Historydraft LogoHistorydraft Logo HistorydraftbetaHistorydraft Logo Historydraftbeta

  • Washington D.C., U.S.
    Saturday Mar 4, 1865

    Abraham Lincoln

    Lincoln delivered his second inaugural address

    Washington D.C., U.S.
    Saturday Mar 4, 1865

    On March 4, 1865, Lincoln delivered his second inaugural address. In it, he deemed the war casualties to be God's will. Lincoln said: Fondly do we hope—fervently do we pray—that this mighty scourge of war may speedily pass away. Yet, if God wills that it continue, until all the wealth piled by the bond-man's 250 years of unrequited toil shall be sunk, and until every drop of blood drawn with the lash, shall be paid by another drawn with the sword, as was said 3,000 years ago, so still it must be said, "the judgments of the Lord, are true and righteous altogether". With malice toward none; with charity for all; with firmness in the right, as God gives us to see the right, let us strive on to finish the work we are in; to bind up the nation's wounds; to care for him who shall have borne the battle, and for his widow, and his orphan—to do all which may achieve and cherish a just and lasting peace, among ourselves, and with all nations.




  • Petersburg, Virginia, U.S.
    Saturday Apr 1, 1865

    Abraham Lincoln

    Grant nearly encircled Petersburg in a siege

    Petersburg, Virginia, U.S.
    Saturday Apr 1, 1865

    As Grant continued to weaken Lee's forces, efforts to discuss peace began. Confederate Vice President Stephens led a group meeting with Lincoln, Seward, and others at Hampton Roads. Lincoln refused to negotiate with the Confederacy as a coequal; his objective to end the fighting was not realized. On April 1, 1865, Grant nearly encircled Petersburg in a siege. The Confederate government evacuated Richmond and Lincoln visited the conquered capital. On April 9, Lee surrendered to Grant at Appomattox, officially ending the war.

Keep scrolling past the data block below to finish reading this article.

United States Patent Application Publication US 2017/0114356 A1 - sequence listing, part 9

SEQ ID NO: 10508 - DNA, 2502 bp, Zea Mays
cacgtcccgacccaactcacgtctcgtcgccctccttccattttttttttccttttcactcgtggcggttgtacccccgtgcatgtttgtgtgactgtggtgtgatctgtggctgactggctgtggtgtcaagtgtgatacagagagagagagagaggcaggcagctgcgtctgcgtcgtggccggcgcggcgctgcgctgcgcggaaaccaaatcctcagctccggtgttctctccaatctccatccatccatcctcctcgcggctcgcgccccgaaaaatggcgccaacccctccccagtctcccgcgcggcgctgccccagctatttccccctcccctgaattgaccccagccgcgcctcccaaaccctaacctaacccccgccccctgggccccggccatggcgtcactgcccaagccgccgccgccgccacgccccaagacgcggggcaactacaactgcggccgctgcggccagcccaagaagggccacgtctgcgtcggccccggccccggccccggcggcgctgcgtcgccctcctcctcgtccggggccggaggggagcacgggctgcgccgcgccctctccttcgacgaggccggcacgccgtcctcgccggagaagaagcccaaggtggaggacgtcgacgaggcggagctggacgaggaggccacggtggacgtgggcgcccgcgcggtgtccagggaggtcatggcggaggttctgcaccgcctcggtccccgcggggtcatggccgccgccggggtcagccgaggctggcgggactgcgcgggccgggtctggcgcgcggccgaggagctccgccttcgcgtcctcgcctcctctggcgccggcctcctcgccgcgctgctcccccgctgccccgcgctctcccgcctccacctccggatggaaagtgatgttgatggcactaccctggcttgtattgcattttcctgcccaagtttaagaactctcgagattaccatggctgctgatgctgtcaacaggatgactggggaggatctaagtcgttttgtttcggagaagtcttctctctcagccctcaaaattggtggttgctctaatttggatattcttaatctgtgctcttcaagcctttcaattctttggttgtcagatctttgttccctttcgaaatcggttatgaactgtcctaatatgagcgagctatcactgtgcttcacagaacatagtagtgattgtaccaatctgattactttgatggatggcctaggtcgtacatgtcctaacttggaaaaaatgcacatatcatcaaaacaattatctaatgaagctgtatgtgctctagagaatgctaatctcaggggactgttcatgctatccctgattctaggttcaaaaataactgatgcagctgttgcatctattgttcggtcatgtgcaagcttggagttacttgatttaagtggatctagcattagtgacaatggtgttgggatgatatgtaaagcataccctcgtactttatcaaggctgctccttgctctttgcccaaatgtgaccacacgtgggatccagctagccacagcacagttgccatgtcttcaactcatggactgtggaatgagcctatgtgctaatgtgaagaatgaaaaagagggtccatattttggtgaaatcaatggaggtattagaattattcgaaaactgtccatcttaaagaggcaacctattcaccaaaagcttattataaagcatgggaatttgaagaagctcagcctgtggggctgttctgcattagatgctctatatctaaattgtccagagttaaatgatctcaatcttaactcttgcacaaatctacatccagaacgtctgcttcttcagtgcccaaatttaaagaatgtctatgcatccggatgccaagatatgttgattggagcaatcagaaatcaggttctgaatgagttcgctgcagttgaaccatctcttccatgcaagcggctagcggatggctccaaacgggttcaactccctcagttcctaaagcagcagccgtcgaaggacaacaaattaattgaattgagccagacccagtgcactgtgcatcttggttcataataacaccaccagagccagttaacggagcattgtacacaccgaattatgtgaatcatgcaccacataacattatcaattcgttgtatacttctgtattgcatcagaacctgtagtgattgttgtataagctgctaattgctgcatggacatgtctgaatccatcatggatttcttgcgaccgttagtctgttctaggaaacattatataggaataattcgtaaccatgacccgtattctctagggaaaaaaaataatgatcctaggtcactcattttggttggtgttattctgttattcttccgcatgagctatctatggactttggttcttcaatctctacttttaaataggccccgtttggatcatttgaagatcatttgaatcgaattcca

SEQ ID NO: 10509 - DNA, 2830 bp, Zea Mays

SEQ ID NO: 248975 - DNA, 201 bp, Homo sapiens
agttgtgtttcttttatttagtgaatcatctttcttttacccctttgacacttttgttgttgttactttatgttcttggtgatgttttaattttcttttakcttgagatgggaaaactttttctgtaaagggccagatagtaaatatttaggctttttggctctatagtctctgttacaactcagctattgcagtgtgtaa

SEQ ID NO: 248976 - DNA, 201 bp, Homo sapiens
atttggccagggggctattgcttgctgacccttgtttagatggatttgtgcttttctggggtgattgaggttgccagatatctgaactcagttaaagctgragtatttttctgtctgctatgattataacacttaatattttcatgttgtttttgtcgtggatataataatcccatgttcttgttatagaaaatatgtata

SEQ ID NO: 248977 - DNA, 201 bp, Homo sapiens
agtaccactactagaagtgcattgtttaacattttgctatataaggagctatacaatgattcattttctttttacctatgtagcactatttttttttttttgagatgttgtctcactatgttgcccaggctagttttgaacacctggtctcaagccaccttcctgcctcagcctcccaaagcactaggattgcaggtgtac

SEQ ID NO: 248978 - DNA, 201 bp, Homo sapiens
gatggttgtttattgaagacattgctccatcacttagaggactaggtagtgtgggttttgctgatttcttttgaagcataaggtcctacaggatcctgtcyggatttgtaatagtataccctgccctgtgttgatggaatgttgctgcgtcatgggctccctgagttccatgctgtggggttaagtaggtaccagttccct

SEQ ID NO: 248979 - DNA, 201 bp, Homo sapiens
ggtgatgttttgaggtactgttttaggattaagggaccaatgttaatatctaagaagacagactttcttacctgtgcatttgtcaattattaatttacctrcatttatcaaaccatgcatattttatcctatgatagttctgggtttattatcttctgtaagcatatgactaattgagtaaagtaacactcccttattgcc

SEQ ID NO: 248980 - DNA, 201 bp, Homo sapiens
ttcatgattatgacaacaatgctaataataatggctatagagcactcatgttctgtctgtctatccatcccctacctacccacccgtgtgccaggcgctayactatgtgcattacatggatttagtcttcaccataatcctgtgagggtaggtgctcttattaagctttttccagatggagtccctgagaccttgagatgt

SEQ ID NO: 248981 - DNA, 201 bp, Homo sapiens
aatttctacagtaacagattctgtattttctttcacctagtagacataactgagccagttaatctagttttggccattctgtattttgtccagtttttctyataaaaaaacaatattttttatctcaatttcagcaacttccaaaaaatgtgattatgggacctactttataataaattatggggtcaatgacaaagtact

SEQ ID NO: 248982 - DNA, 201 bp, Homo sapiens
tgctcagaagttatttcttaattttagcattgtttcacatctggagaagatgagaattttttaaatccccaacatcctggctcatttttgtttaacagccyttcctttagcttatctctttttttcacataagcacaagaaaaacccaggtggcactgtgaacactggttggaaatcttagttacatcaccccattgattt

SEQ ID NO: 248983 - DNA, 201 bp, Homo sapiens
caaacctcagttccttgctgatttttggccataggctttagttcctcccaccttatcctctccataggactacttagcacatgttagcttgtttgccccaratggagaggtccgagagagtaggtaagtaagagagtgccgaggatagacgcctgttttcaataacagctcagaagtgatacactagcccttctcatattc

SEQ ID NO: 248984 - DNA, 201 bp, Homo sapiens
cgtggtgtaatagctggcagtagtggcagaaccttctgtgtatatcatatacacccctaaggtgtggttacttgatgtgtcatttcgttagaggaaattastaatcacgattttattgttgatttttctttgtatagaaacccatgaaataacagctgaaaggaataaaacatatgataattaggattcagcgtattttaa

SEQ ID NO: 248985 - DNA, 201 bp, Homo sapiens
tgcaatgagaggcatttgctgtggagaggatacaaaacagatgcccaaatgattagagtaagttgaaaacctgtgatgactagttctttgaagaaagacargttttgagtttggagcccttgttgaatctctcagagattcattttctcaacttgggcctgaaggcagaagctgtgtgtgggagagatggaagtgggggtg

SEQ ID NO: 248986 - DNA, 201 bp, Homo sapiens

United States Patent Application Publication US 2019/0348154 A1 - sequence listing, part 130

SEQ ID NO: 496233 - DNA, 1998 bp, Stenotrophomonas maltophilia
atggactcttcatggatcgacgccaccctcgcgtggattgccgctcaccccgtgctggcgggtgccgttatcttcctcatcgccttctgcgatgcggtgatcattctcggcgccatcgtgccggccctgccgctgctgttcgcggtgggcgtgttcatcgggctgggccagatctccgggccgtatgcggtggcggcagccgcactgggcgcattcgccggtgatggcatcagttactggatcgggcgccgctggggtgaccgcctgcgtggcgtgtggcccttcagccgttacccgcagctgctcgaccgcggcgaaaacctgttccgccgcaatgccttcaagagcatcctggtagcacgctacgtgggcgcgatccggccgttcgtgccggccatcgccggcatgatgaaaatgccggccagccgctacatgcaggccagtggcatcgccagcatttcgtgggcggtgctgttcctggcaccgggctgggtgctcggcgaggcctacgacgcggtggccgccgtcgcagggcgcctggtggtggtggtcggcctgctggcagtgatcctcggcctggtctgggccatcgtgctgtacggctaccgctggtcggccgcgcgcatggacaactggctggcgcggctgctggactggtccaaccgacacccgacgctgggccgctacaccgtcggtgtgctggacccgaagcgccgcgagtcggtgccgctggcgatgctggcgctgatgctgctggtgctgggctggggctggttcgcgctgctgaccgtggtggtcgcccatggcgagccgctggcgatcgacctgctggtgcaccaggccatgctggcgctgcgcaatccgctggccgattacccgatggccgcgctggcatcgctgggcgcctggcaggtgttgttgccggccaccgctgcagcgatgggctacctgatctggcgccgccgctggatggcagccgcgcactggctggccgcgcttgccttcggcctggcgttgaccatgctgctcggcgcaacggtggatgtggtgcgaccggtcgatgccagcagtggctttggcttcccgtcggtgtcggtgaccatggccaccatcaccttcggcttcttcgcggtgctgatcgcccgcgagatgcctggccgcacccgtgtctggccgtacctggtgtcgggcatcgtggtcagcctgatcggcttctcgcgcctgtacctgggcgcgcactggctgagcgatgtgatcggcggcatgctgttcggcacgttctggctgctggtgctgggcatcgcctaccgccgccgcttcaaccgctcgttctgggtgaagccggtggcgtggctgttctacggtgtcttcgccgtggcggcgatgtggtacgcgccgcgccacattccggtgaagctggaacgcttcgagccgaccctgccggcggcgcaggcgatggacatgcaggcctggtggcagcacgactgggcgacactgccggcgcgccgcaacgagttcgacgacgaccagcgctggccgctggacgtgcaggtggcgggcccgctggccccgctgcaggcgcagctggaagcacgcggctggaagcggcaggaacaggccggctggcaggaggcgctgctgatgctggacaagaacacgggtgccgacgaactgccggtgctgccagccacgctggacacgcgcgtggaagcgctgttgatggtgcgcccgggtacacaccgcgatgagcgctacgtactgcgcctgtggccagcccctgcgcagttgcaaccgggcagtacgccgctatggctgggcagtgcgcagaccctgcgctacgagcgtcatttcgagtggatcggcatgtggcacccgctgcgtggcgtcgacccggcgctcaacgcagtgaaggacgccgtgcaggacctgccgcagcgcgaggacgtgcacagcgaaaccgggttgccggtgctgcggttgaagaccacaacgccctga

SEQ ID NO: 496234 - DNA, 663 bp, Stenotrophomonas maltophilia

• Appomattox, Virginia, U.S.
    Saturday Apr 8, 1865

    Abraham Lincoln

    Lee surrendered to Grant at Appomattox

    Appomattox, Virginia, U.S.
    Saturday Apr 8, 1865

    On April 9, Lee surrendered to Grant at Appomattox, officially ending the war.




  • Appomattox, Virginia, U.S.
    Sunday Apr 9, 1865

    Juneteenth

    General Robert E. Lee surrendered

    Appomattox, Virginia, U.S.
    Sunday Apr 9, 1865

    Despite the surrender of General Robert E. Lee at the Old Appomattox Court House on April 9, 1865, the western Army of the Trans-Mississippi did not surrender until June 2.




  • Ford's Theatre, Washington, D.C., U.S.
    Friday Apr 14, 1865

    Impeachment of Andrew Johnson

    The Assassination of Abraham Lincoln

    Ford's Theatre, Washington, D.C., U.S.
    Friday Apr 14, 1865

    The assassination of Abraham Lincoln on April 14, 1865, just days after the Army of Northern Virginia's surrender at Appomattox briefly lessened the tension over who would set the terms of peace. The radicals, while suspicious of the new president and his policies, believed, based upon his record, that Andrew Johnson would defer, or at least acquiesce to their hardline proposals.




  • Oak Ridge Cemetery, Springfield, Illinois, U.S.
    Friday Apr 21, 1865

    Abraham Lincoln

    Funeral

    Oak Ridge Cemetery, Springfield, Illinois, U.S.
    Friday Apr 21, 1865

    The late President lay in state, first in the East Room of the White House, and then in the Capitol Rotunda from April 19 through April 21. The caskets containing Lincoln's body and the body of his son Willie traveled for three weeks on the Lincoln Special funeral train. The train followed a circuitous route from Washington D.C. to Springfield, Illinois, stopping at many cities for memorials attended by hundreds of thousands.




  • Virginia, U.S.
    Wednesday Apr 26, 1865

    Abraham Lincoln

    Booth died

    Virginia, U.S.